Mike Pearce, who described himself as the epitome of the non-actor, shined as Nikki, the flamboyant go-getter who loved the ladies and brought some much needed lightheartedness to the trio of lovable misfits. I'm very much inclined to respectfully disagree with his humble self-assessment and look forward to seeing him on the big screen in the future.
Robert Pattinson's performance was above and beyond anything I could have imagined, and I went into this movie with high expectations for this role. Through him, Art came to life in a way that I've never experienced in a film and for 85 glorious minutes I shared his dolor, his elation, his anxiety and his laughter as though I was watching the story of someone I'd known my whole life. His approach to Art's graceless good intentions was one of exceptional skill that you seldom find in a relatively inexperienced actor.
Simply put, he is brilliant; a knowledge that doesn't really hit you until the credits start rolling when you remember that it was in fact Pattinson and not solely Art that you'd been watching and fervently routing for during the last hour and a half.
To bottom line it; this movie is a down-right hilarious journey through the dark struggles of a misshapen diamond in the rough. It left this movie-goer breathless, deep in thought and comforted by the true fact that sometimes we all need a little help and the best person for the job is ultimately yourself.
*** This review may contain spoilers ***
How To Be is an independent film written and directed by Oliver Irving.
Humor and anguish are expertly integrated into the story of Art Freeman
(played exquisitely by Robert Pattinson), a twenty-something lovable
loser who feels that his life is less than it should be.
The movie follows Art along a path of discovery and maturity, both for himself and his life-long friend, the agoraphobic Ronny (a superb performance by Johnny White). Art spends his time working at a local grocery store and volunteering in an attempt to make something of his life; although his true passion is his songwriting and performing. When his girlfriend, Jessica (Alisa Arnah) dumps him he is forced to move back into his parents' house; a situation that is made more uncomfortable by his mother's (Rebecca Pidgeon) reaction that it was simply "a matter of time."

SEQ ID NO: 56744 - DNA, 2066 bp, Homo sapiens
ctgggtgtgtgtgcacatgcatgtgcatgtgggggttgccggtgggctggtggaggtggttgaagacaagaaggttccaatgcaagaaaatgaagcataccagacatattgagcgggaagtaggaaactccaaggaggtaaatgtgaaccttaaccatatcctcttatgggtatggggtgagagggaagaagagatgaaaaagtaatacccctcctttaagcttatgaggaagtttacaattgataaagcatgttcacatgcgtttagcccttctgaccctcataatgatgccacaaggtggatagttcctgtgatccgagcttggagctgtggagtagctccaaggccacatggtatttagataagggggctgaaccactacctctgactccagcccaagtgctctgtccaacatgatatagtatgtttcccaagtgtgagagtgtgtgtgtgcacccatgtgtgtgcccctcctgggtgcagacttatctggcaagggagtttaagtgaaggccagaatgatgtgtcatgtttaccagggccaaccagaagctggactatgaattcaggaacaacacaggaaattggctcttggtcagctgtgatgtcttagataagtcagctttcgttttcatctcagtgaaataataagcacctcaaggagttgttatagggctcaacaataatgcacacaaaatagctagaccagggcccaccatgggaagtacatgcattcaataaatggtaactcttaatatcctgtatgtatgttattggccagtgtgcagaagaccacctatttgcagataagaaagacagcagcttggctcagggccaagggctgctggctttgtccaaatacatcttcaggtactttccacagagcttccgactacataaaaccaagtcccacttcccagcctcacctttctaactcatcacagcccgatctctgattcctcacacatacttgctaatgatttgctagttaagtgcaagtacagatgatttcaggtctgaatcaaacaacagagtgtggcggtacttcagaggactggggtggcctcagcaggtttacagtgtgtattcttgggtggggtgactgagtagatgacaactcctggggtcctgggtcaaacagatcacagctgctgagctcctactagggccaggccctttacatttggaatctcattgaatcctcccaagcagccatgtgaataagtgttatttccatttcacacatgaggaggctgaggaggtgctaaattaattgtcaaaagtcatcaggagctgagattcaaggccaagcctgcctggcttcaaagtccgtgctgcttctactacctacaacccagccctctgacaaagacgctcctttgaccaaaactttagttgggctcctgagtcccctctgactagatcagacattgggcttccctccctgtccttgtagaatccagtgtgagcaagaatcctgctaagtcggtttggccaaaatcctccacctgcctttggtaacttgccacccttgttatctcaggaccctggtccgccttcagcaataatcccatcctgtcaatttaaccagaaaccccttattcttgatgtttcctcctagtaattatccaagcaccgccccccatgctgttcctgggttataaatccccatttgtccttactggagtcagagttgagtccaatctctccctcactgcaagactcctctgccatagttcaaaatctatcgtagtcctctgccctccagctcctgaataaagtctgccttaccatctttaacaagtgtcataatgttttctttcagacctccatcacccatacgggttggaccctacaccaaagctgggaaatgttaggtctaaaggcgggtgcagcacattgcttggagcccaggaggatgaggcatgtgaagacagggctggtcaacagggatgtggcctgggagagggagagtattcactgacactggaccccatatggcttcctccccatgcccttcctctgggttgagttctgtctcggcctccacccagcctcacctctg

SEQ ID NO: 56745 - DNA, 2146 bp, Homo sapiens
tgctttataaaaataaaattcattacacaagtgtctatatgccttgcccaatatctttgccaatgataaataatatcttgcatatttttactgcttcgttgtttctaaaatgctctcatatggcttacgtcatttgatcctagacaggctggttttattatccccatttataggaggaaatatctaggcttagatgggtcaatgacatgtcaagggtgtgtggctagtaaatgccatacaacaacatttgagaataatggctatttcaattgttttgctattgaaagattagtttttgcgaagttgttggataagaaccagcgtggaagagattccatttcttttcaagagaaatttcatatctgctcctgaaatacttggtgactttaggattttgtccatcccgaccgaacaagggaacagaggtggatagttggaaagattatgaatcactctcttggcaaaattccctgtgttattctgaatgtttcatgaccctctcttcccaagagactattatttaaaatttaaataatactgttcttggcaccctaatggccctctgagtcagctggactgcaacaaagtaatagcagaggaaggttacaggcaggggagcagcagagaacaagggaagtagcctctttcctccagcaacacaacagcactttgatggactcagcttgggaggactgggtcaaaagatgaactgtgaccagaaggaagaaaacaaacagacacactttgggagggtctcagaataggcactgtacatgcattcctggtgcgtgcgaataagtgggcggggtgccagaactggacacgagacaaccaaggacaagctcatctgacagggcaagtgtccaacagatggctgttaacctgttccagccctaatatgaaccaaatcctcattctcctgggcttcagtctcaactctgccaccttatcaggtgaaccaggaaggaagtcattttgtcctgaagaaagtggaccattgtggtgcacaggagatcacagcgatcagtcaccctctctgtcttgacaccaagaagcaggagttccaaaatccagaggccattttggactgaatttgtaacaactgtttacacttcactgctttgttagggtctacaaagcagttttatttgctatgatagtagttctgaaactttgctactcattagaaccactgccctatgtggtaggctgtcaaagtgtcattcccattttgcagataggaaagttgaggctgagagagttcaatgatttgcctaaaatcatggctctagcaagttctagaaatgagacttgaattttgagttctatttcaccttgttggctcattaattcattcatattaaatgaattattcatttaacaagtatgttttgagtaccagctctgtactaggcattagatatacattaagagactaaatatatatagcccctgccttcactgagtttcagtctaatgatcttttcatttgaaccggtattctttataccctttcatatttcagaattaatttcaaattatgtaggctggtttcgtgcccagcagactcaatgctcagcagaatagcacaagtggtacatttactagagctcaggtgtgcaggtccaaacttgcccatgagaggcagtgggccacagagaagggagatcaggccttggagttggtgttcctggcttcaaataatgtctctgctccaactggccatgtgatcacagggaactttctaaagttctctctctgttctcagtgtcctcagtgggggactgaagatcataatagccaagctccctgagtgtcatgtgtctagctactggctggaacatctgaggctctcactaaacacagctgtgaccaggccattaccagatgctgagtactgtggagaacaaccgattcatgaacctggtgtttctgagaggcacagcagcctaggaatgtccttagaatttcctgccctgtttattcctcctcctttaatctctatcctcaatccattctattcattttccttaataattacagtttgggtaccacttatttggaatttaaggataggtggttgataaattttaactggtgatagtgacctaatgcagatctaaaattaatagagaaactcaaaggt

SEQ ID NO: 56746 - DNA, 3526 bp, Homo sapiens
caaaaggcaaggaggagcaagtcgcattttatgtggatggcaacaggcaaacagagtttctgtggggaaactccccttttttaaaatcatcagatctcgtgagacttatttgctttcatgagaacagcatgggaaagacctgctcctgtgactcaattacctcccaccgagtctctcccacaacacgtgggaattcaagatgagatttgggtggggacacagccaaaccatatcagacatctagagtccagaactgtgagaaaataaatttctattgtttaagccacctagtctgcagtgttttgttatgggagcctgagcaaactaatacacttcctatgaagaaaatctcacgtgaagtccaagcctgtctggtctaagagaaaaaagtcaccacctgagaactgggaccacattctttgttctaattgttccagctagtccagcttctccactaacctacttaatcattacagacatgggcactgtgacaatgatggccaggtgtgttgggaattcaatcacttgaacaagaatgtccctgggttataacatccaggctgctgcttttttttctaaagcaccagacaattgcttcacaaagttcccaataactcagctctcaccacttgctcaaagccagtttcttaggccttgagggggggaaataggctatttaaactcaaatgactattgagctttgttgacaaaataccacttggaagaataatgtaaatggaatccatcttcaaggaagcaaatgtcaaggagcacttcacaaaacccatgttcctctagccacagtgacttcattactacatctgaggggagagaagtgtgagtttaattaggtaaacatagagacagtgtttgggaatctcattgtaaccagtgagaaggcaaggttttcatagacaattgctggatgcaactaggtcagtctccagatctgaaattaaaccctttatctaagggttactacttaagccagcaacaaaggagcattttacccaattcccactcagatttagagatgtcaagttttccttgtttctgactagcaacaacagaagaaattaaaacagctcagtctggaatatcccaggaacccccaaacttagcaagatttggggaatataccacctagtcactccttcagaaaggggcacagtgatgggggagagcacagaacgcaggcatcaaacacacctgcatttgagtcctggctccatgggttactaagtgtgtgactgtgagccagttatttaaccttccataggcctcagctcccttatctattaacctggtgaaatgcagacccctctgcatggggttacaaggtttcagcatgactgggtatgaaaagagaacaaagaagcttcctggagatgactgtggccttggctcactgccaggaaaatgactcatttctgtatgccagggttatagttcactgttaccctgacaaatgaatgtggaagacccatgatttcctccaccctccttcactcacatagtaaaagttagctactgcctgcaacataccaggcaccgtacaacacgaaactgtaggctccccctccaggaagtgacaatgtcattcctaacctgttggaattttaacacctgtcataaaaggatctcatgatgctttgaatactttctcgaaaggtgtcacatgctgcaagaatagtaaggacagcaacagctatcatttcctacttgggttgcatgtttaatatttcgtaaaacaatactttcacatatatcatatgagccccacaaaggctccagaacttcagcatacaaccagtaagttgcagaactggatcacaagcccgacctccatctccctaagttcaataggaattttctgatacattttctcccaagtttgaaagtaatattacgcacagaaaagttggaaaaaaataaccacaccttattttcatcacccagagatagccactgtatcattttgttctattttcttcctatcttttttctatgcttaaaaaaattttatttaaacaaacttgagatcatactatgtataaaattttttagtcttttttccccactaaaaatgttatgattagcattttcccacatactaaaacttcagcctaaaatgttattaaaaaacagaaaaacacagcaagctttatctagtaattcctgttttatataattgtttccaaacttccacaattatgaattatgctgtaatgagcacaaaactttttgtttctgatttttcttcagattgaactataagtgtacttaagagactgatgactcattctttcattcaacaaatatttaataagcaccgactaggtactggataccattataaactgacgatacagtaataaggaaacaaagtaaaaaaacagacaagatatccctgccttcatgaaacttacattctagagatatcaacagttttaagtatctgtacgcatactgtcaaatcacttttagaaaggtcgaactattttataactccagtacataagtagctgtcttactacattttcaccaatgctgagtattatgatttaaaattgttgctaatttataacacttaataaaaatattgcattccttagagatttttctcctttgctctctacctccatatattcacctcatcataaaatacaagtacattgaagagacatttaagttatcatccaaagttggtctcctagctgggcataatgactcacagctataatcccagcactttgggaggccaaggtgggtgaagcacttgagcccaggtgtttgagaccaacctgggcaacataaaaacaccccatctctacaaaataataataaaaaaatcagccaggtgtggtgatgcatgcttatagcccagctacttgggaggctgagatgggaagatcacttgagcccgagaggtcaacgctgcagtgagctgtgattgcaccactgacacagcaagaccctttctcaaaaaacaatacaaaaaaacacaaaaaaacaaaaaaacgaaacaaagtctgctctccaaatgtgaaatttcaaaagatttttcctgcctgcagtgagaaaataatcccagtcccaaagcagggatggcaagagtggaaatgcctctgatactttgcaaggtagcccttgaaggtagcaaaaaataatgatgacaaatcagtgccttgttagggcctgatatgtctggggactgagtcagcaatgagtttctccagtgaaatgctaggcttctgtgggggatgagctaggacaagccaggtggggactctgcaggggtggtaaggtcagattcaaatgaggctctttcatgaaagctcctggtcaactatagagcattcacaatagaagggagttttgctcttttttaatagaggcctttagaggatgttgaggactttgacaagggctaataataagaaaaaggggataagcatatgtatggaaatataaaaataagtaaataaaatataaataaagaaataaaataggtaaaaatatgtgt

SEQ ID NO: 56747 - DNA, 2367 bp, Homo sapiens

Art's self-loathing leads him to the self-help section of a bookstore. It is there that he finds his glimmer of hope when he discovers the book, It's Not Your Fault by Dr. Ellington (another great performance by Powell Jones). Not only does Art read the book religiously, but he spends his inheritance to bring the author to his home to personally help him through his life. As expected, comedy ensues. But along with the hilarity there is an ample amount of melancholy.
Art's parents are not the nurturing, loving parents that every child needs. He is a constant disappointment to them, and they make no qualms about telling him this. His seemingly unfeeling mother nearly collapses while trying to prevent him from hugging her! They offer him absolutely no support in his dream of becoming a musician.
Oliver Irving's creative mix of eclectic characters provides the audience with a wide variety of humor. The story is captivating and the acting is accomplished. It is altogether a brilliant film, worthy of the honors it has received.
And, from this reviewer's standpoint, if one wants to put an entire theater of women into a frenzy have Robert Pattinson say the line "I have an erection." Well done, Oliver!!